Pope Francis And Conflict

For leaders in the Church today Pope Francis can sometimes be an enigma.

A sort of cottage industry of journalists and bloggers has flourished in the wake of this prolific and often spontaneous Pope.  Recently I read a speech he delivered to the Eucharistic Youth Movement in Italy last August.  His message essentially boiled down to a clarion call for the youth to embrace tension and engage in healthy conflict in their family and among their friends.  Perhaps your first response to this is shock or perhaps even dismay?  As I read the words though I had a moment of epiphany.  In this short speech Pope Francis is calling out, not just the youth, but the rest of us as well, to stop avoiding conflict, thinking that false unity or peace built on avoidance and platitudes can serve to build up the kingdom of God.  In fact he goes so far as to say avoiding needed conflict will lead to our death. In the speech Pope Francis asks, “What would a society, a family, a group of friends be like without tension and conflict? Do you know what it would be? A cemetery. Because only in dead things are there no tensions and no conflicts. When there is life, there is tension and there is conflict.”

This admonition to embrace healthy conflict is not an entirely new concept for me.  I was introduced to the value of healthy conflict in The Advantage, by Patrick Lencioni.  In this “business” classic, Lencioni defines healthy conflict as “productive ideological conflict” that avoids “the nasty kind that centers around people or personalities.” (pg. 38)  At its root what makes ideological conflict healthy is that it is based on trust.  “When there is trust, conflict becomes nothing but the pursuit of truth, an attempt to find the best possible answer.” (pg. 38)  I think this is the kind of trust that Pope Francis wants to see more of in the Church, including among Church leaders.

In my work to help leaders along with their teams to develop greater organizational health I introduce them to the five behaviors that lead to cohesion for a team.  The first two are trust and conflict.  Most are very excited about developing greater trust with their team members.  This is especially true in a church environment.  Who wouldn’t want greater trust?  But conflict, isn’t that a bad thing?  Doesn’t it lead to hurt feelings and more difficulties on a team?  This perception often leads good, faithful people to fear conflict and avoid it at all costs.  Lencioni observes that, “Nowhere does this tendency toward artificial harmony show itself more than in mission-driven nonprofit organizations, most notably churches.  People who work in those organizations tend to have a misguided idea that they cannot be frustrated or disagreeable with one another.”  However, shouldn’t people who trust one another and are working to further the mission of Christ be willing to bear the difficulty of disagreeing with one another, so that God's will can be discerned and done?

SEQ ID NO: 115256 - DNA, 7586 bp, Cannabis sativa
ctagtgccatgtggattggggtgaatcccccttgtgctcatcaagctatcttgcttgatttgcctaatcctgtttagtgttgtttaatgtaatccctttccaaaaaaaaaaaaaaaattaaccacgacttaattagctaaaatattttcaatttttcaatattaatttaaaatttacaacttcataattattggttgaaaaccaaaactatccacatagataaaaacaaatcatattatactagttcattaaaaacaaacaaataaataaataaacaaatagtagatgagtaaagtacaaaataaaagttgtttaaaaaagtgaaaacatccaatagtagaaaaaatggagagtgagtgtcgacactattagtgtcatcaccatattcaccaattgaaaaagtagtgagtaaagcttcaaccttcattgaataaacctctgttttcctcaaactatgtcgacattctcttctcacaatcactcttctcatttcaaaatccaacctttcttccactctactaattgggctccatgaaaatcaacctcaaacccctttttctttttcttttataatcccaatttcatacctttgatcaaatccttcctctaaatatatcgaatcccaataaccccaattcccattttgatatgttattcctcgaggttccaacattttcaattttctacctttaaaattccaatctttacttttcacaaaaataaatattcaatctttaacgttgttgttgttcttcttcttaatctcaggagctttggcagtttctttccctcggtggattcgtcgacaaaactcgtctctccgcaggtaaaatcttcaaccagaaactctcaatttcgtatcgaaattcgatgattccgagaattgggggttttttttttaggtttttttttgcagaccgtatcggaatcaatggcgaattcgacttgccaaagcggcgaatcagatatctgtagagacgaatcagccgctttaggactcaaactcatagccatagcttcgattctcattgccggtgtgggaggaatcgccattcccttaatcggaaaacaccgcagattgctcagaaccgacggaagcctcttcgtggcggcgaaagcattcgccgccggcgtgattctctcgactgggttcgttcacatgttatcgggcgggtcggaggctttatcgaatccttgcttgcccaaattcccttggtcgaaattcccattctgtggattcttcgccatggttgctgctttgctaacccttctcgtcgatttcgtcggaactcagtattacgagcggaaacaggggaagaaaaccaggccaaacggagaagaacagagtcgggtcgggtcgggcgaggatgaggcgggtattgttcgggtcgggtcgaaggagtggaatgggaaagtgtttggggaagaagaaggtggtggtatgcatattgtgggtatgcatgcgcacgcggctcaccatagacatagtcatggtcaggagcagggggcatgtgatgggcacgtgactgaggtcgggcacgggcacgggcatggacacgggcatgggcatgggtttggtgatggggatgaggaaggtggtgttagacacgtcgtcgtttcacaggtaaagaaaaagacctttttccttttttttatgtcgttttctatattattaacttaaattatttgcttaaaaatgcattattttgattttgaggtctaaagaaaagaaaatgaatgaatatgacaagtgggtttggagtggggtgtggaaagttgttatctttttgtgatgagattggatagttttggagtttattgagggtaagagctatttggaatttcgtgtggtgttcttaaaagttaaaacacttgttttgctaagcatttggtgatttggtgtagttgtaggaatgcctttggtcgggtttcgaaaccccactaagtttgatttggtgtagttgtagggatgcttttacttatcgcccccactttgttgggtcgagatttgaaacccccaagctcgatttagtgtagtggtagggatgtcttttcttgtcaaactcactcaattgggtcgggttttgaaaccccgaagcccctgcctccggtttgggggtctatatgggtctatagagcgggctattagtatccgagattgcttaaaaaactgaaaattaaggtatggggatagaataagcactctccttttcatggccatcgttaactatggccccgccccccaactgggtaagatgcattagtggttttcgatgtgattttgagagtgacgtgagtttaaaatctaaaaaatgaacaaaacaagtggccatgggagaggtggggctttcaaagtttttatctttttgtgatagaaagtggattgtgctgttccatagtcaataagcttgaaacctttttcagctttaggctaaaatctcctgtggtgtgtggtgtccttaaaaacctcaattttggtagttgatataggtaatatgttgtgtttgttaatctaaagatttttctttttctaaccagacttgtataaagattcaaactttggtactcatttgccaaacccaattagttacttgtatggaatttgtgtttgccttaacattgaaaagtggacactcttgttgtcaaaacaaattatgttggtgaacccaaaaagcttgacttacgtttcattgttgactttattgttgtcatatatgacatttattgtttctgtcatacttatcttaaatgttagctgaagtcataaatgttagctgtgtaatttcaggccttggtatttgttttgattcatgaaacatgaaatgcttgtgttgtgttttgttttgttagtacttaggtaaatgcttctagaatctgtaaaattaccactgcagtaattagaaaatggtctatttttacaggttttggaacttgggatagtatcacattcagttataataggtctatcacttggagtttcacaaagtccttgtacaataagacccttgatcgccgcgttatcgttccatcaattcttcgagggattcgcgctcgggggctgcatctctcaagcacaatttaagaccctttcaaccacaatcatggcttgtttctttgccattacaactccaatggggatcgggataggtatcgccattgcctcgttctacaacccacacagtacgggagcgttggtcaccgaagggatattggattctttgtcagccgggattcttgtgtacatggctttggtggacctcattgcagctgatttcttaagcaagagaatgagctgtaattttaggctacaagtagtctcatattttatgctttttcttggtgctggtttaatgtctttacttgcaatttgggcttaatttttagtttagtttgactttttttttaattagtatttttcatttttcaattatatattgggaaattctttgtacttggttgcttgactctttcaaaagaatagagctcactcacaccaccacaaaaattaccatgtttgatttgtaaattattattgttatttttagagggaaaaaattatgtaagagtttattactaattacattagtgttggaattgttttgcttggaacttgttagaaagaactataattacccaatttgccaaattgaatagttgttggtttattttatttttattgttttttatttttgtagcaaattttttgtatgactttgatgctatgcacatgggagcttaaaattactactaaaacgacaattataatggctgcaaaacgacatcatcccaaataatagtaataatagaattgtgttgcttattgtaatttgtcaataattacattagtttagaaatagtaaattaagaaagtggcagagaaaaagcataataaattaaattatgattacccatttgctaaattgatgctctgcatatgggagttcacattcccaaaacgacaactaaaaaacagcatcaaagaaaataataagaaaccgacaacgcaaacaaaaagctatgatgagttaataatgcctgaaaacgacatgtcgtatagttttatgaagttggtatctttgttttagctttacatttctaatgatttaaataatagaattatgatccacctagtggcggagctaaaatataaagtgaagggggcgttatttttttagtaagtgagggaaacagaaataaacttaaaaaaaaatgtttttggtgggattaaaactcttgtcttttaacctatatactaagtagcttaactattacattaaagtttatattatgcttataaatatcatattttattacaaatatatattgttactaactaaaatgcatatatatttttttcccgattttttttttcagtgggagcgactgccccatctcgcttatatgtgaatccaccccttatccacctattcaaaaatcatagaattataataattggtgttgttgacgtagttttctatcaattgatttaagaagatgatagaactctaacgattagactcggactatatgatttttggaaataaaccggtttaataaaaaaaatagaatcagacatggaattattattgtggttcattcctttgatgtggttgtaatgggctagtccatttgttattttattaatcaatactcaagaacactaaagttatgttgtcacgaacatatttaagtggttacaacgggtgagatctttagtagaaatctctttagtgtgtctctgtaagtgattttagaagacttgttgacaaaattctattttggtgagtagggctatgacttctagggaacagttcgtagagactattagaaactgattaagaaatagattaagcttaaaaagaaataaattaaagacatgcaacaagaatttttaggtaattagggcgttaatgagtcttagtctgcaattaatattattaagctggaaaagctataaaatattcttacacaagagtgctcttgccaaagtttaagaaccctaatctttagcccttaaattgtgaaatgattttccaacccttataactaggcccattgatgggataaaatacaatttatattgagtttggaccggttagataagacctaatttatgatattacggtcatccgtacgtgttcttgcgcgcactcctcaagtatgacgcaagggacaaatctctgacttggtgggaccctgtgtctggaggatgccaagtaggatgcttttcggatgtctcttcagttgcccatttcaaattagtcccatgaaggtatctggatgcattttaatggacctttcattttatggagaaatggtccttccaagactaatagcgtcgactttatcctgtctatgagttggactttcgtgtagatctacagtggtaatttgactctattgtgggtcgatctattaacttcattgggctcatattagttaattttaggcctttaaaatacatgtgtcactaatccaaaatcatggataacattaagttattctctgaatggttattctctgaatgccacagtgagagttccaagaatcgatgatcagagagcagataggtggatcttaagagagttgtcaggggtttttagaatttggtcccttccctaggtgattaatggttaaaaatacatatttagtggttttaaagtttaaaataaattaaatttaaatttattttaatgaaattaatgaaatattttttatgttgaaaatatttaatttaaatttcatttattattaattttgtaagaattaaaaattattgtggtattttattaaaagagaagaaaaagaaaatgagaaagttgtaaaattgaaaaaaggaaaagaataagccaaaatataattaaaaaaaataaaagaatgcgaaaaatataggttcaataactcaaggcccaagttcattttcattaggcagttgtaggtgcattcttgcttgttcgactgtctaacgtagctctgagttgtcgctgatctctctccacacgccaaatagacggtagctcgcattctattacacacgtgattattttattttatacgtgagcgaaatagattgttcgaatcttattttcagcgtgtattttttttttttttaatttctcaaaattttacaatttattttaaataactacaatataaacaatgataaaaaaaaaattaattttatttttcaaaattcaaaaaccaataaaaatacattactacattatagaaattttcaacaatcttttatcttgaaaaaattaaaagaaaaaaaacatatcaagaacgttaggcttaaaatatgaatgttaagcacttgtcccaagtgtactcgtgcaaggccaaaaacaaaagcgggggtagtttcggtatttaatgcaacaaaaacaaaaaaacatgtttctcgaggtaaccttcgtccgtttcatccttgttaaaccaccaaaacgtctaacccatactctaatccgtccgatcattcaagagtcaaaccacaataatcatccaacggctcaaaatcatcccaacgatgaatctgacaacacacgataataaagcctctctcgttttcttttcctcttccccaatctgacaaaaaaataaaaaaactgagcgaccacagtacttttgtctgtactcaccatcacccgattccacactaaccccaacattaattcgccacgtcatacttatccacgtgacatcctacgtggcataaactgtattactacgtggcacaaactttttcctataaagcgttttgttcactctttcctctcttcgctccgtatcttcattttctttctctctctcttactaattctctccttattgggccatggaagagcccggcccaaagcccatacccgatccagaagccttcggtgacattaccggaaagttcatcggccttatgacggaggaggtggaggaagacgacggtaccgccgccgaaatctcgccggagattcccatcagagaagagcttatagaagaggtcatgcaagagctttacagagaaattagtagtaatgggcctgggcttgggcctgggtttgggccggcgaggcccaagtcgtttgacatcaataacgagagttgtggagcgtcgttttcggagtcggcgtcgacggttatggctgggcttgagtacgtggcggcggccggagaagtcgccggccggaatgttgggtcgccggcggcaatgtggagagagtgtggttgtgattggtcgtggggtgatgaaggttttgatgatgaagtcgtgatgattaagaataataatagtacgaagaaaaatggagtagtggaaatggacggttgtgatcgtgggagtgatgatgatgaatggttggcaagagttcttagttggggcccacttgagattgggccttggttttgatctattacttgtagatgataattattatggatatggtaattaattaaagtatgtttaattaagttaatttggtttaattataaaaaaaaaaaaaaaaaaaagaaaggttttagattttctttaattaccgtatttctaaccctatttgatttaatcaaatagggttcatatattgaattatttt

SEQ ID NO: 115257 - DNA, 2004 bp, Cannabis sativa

Only conflict based on trust can build up, rather than tear down.  Lencioni clarifies this when he says that conflict without trust “is politics, an attempt to manipulate others in order to win an argument regardless of the truth.”  So what does this “healthy” conflict look like?

Pope Francis sees it like this: “It is clear that there is tension in the family. How does one resolve tension? With dialogue. When there is dialogue in a family, when there is the capacity to spontaneously speak one’s mind, tensions can be resolved very well.”  Lencioni calls the “place” in which this dialogue occurs the ideal conflict point.  It lies on a continuum between artificial harmony and mean-spirited personal attacks.  It is constructive (based on trust and mutual respect) and is not allowed to become destructive (involving personal attacks or disrespect).

Pope Francis’ advice to the youth, and also to us, when seeking real unity is, “First, do not be afraid of tensions, because they make us grow; second, resolve tensions through dialogue, because dialogue unites, whether in the family or in a group of friends, and the path will be found to go on together, without losing one’s own identity; third, do not be too attached to tension because it will harm you.”  These three points remind us who work for the Gospel that without growth and dialogue to unite us we will wither and die in our working relationships; and that if we become attached to tension we will never allow the decisions of our team to lead to unity and growth for the sake of the Gospel.  As Pope Francis observes, “Conflicts can also do us good, for they make us understand differences, and make us understand that if we do not find a way to resolve this conflict, there will be a situation of war. Conflict, in order to be addressed properly, must be directed toward unity.”

Perhaps in this Holy Year of Mercy we may discover new ways to engage in conflict, healthy conflict, which will lead to greater unity and build up the Church.